Throughout the last financial year, the company closed 12 stores, mostly in Australia.
This impacted on sales, with revenue dropping 11 percent to $212.4 million. For the full year, there was a three percent increase in same store sales growth in Australia, while New Zealand stores remained flat.
Pumpkin Patch managing director Luke Bunt said several legacy issues had been negatively impacting the business, while the retail environment continued to be very competitive and challenging.
However, he said that improvements to the core business in the second half of the last financial year were promising.
“It is encouraging that improvements in the core business seen in the second half of the last financial year have continued into the early part of F17. For the eight weeks ended 25 September 2016 same store sales for Pumpkin Patch in Australia and New Zealand were up 5.8 percent and 5.4 percent respectively.”
First Retail managing director and retail expert Chris Wilkinson says the Pumpkin Patch story is a sad one.
“Here we had a cutting edge business that was a real trailblazer in its day,” he says.
“It was one of the first to theme its stores and create a highly immersive experience, however that was before the real successes that big-box retailers found in the children’s wear space.”
The internet also played a part in impacting the brand, he says.
Secondhand sites like Trade Me meant many children’s clothes found a second life, taking away the need for parents to buy all brand-new clothes for their kids.
“While Pumpkin Patch was an early innovator online, they probably were too early to fully leverage that wave, plus they were investing heavily in the UK and US which would have been swallowing capital,” Wilkinson says.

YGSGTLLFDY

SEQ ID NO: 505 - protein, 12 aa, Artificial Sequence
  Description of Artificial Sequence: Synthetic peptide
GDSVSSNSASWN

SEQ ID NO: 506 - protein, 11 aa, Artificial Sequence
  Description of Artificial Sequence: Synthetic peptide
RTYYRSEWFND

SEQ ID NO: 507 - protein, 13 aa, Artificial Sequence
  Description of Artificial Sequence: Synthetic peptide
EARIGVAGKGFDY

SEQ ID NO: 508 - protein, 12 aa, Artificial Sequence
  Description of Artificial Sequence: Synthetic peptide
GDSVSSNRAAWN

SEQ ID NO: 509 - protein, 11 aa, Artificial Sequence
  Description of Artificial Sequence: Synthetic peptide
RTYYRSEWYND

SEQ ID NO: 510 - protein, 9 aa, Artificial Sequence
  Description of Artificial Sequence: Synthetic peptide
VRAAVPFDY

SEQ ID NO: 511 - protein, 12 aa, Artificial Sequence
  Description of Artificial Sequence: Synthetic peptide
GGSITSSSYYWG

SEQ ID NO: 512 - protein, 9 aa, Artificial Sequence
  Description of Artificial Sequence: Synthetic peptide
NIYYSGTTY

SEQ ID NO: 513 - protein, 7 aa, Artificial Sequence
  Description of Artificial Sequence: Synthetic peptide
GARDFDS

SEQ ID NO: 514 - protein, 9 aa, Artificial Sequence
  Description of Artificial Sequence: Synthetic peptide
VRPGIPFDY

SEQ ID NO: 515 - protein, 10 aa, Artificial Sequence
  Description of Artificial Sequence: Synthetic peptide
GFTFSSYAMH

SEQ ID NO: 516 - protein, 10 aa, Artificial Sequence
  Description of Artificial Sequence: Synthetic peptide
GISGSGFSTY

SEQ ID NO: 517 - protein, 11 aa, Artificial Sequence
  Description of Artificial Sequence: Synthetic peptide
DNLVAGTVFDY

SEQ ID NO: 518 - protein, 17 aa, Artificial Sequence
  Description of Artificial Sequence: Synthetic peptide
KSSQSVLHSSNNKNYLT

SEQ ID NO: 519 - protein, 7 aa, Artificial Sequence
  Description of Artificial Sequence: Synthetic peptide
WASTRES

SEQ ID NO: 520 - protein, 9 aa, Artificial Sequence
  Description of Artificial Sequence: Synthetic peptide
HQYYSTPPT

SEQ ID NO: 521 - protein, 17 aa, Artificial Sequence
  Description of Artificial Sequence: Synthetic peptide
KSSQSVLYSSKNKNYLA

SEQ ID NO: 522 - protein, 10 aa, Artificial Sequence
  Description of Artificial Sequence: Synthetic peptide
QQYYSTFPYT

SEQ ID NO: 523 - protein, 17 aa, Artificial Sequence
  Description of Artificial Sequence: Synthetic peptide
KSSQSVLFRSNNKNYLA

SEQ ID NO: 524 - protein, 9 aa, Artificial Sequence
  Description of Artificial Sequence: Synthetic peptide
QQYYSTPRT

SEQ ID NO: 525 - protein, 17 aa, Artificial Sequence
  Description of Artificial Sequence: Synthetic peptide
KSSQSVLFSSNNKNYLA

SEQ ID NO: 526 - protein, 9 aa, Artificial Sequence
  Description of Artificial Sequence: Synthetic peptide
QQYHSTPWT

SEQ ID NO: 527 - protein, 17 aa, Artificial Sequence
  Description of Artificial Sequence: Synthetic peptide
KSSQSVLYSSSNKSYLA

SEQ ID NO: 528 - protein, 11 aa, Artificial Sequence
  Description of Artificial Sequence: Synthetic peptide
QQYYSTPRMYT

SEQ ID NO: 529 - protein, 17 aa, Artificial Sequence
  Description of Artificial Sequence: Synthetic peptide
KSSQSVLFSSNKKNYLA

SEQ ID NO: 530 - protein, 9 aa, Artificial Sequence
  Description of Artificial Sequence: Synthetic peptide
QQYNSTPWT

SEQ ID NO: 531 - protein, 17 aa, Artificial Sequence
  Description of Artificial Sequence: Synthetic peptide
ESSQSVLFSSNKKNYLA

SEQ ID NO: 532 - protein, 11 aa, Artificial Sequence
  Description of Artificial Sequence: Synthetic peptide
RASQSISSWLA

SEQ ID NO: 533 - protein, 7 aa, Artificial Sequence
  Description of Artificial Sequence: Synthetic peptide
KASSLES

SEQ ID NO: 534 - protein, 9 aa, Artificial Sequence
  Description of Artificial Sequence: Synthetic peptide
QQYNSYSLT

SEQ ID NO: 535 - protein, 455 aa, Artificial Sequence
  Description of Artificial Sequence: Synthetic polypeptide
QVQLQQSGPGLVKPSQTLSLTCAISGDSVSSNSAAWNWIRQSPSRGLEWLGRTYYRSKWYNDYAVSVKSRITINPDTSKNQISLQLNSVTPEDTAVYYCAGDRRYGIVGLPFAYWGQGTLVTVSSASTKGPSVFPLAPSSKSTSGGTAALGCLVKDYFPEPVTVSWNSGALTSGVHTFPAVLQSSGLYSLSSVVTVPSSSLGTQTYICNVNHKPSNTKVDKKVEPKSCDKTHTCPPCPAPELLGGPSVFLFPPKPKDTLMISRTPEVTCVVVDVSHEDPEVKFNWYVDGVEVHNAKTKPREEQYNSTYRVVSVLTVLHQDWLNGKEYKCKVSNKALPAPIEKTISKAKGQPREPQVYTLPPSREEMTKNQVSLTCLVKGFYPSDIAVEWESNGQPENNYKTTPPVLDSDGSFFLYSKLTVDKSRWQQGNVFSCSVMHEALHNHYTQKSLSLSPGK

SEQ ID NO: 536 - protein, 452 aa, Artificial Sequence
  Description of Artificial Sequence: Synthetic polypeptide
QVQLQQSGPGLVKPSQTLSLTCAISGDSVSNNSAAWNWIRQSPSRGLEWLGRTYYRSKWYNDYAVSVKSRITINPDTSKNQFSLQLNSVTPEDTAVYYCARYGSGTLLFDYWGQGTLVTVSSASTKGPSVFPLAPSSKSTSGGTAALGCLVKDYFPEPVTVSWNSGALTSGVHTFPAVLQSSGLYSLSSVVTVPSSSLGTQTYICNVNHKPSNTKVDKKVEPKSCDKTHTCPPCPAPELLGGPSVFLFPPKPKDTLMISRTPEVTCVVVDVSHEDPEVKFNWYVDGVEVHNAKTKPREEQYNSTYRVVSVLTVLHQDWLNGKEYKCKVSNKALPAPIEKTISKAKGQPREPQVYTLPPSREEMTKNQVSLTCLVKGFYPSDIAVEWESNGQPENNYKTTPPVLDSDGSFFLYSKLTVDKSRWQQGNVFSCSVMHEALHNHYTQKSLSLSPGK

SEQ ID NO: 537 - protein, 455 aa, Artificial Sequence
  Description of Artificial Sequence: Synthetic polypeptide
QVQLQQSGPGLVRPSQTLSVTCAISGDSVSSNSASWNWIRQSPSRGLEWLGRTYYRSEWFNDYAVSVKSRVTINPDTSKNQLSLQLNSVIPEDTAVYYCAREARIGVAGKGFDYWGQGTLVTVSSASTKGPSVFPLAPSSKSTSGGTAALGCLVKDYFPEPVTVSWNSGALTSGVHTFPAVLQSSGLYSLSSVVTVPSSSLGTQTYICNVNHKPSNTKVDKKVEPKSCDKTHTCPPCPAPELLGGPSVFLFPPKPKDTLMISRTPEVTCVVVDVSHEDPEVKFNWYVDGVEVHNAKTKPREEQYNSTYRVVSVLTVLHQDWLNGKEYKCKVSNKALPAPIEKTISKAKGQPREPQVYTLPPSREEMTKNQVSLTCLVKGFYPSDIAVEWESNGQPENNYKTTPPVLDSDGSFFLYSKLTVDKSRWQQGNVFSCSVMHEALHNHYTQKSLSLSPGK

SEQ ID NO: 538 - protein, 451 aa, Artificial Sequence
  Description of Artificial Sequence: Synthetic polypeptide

In order for Pumpkin Patch to improve its future, Wilkinson says its focus should be on the Middle East market, which has a big appetite for unique brands.
“Whilst they have been there before, developing their distributorships in the Gulf States strategically is one of the few options that will give them necessary relief,” Wilkinson says.
In the financial report, Bunt said a new wholesale franchise partnership is the Middle East has been created. Pumpkin Patch will regain access to its first-tier malls across six countries.
The UK retail market is more of a tricky one for the retailer, Wilkinson says, as it’s having its own challenges.
“If Pumpkin Patch’s distributor can find a resilient niche, then they will see success, otherwise the challenges will remain,” he says.
Bunt said a new relationship with a department store will allow the brand to expand in England, Scotland and Wales.
“The potential for growth through these partnerships is significant but will take time to develop,” he says.